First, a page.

How to Support a Loved One Who Has Alzheimer’s


Researchers around the globe are working diligently to discover new treatments and potential cures for Alzheimer’s, which is one of the leading causes of death in the United States. Fortunately, there have been many significant breakthroughs in Alzheimer’s research in recent years, particularly in terms of understanding how Alzheimer’s progresses and how to recognize early warning signs.

That said, there are currently around 5.4 million people living with Alzheimer’s in the United States, the vast majority of whom are age 65 and older. Friends and family members of Alzheimer’s patients can often feel helpless when it comes to helping and supporting their loved ones.

Here’s what you need to know about supporting a loved one with Alzheimer’s.

H2: Attempt to understand what your loved one is going through.

Depending on how far their Alzheimer’s has progressed, patients may feel confused, anxious, afraid, depressed, or angry. Receiving an Alzheimer’s diagnosis can be a life-changing experience, and living with the disease on a daily basis can come with many challenges and surprises. Your loved one may also experience a decline in self-confidence, or grieve the loss of their independence.

Do your best to empathize with your loved one and be understanding of what they are going through. Similarly, remember to treat them with the same amount of respect and kindness as you always have, and think about how you would like to be treated if the roles were reversed. Following these steps will help you act as the best possible support system for your loved one.

Help them maximize their independence.

For many Alzheimer’s patients, the thought of “losing their independence” by relying on others to help them with routine daily tasks is scary and upsetting. It can be helpful for caregivers and family members to help their loved one maintain as much independence as possible. The best way to do this is by focusing on what tasks they’re still able to complete on their own, and encouraging them to complete those tasks independently.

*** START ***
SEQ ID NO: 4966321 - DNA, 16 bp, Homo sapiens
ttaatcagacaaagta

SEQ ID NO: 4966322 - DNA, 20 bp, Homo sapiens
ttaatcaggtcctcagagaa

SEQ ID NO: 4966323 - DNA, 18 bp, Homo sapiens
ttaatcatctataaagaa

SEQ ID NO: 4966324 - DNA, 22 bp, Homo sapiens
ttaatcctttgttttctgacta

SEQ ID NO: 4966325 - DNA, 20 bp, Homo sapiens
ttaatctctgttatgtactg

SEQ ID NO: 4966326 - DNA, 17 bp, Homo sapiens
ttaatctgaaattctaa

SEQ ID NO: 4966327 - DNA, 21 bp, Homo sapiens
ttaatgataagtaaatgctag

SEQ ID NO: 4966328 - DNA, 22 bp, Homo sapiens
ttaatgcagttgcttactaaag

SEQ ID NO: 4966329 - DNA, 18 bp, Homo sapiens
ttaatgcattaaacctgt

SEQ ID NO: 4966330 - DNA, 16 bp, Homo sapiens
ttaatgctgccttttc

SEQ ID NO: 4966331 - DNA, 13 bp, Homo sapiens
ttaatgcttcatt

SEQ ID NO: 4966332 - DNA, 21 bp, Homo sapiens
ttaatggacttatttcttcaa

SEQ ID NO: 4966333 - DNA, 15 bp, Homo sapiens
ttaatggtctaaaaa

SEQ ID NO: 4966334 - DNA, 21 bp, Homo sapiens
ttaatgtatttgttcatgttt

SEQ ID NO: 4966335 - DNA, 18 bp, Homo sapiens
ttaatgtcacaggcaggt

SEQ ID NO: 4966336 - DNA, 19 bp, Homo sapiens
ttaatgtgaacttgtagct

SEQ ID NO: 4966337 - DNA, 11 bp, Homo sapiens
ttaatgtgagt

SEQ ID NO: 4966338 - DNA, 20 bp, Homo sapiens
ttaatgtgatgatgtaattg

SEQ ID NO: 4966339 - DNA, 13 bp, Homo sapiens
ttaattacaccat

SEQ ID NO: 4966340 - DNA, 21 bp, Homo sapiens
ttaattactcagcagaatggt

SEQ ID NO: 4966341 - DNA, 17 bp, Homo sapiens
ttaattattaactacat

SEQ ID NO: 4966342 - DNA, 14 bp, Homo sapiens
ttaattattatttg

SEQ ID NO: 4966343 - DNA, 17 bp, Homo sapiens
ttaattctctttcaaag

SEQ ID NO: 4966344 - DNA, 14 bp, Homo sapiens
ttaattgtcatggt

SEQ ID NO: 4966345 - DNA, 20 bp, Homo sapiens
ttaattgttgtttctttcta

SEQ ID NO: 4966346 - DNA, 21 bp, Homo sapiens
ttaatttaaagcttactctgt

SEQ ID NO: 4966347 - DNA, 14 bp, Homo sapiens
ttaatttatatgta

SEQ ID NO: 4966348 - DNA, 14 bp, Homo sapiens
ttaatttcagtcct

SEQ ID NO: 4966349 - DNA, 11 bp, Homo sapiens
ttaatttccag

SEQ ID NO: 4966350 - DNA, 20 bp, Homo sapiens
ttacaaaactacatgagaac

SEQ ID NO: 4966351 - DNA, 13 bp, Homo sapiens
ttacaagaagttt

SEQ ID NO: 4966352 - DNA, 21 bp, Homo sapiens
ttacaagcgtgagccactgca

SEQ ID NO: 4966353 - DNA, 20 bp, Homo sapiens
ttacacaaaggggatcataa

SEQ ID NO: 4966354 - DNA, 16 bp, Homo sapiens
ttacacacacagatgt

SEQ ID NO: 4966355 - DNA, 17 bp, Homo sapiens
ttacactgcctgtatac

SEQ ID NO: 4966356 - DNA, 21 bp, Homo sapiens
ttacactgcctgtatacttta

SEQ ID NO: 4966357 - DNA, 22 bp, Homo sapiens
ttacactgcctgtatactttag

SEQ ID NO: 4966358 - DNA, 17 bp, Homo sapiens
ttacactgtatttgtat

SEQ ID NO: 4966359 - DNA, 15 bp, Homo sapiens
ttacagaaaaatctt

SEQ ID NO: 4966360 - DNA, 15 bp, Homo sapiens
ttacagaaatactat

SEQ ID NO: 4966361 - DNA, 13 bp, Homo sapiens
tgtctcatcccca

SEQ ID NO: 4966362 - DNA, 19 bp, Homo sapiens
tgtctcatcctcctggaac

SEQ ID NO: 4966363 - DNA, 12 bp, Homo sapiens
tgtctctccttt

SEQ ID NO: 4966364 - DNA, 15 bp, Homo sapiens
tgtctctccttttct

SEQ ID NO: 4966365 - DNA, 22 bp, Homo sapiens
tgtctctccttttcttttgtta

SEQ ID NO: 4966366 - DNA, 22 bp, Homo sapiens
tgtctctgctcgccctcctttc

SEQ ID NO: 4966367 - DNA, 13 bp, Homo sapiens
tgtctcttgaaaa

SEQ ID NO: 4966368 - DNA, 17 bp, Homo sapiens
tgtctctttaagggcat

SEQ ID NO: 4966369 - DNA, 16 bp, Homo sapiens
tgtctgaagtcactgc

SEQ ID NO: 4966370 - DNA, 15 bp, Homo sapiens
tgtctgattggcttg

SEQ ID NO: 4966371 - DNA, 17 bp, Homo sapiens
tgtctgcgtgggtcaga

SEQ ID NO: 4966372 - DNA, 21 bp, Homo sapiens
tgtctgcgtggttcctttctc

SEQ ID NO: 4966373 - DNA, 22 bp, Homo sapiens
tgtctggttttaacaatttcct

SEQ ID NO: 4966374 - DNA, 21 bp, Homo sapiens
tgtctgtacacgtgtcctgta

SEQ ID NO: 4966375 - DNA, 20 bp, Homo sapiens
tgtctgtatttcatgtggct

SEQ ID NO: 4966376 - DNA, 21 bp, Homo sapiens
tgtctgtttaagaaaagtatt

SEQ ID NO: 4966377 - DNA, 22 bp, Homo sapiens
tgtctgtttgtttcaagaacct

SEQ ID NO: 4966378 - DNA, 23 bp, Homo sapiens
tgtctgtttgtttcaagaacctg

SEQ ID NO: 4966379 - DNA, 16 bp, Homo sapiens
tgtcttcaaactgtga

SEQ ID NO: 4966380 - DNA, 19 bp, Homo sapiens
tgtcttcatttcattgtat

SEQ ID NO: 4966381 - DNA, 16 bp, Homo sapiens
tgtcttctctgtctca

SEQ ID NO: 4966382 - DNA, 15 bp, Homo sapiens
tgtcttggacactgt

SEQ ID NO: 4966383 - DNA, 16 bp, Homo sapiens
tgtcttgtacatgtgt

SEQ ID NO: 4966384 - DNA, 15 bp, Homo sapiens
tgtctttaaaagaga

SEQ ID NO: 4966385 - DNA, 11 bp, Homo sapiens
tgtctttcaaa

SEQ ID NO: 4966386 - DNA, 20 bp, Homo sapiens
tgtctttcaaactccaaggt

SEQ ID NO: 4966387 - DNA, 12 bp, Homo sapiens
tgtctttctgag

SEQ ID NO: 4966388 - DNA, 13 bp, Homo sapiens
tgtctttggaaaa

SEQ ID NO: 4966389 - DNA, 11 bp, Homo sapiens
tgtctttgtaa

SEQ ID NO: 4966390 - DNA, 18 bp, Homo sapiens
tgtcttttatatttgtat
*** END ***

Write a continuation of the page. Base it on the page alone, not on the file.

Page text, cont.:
Encouraging your loved one to develop a new hobby, such as completing puzzles or engaging in physical activity, may also be beneficial for their sense of independence. Best of all, recent studies also indicate that exercise may curb some of the symptoms of Alzheimer’s in current patients.

In many cases, your loved one may only be able to complete one portion of the task on their own. In this case, it’s a good idea to work together accomplish the task, rather than completely taking things over for them. This simple act can boost your loved ones’ self-esteem, and keep them feeling motivated and optimistic.

Do what you can to smooth the communication process.

People with Alzheimer’s often experience difficulty in communicating. They may lose their train of thought, struggle to find the right word, speak less often, and have difficulty organizing their words and putting together complete sentences. This can be frustrating for both the patient and their loved ones and caregivers, but an important part of offering your support is to practice patience and do what you can to ease the communication process.

Some tips include:

  • Letting your loved one know that it’s okay, that you’re interested in hearing their thoughts, and that they can take as much time as they need to get the words out.
  • If you have an idea of what your loved one is attempting to say, offer a suggestion or ask if they are referring to “XYZ”.
  • If you’re struggling to understand what was said, try repeating their words to them to see if you understood their meaning.
  • Avoid criticizing, arguing, or rushing your loved one.
  • Be clear and direct in your communication, and speak slowly.
  • Rely on nonverbal communication, including eye contact and gestures.

Learn to cherish the present moment, without dwelling on the past.

It is likely that your role in your loved one’s life may change as their Alzheimer’s progresses, and that your relationship may change as well. However, it’s important to continue living in the present moment and loving your friend or relative for exactly who they are at this moment in time, instead of dwelling on how things were in the past.

Work on finding and developing new hobbies that you can enjoy together, and focus on simply spending quality time with your loved one and enjoying their company. Change is a part of life, and by accepting the changes that are occurring in your loved one’s life, you’ll be better equipped to support them.

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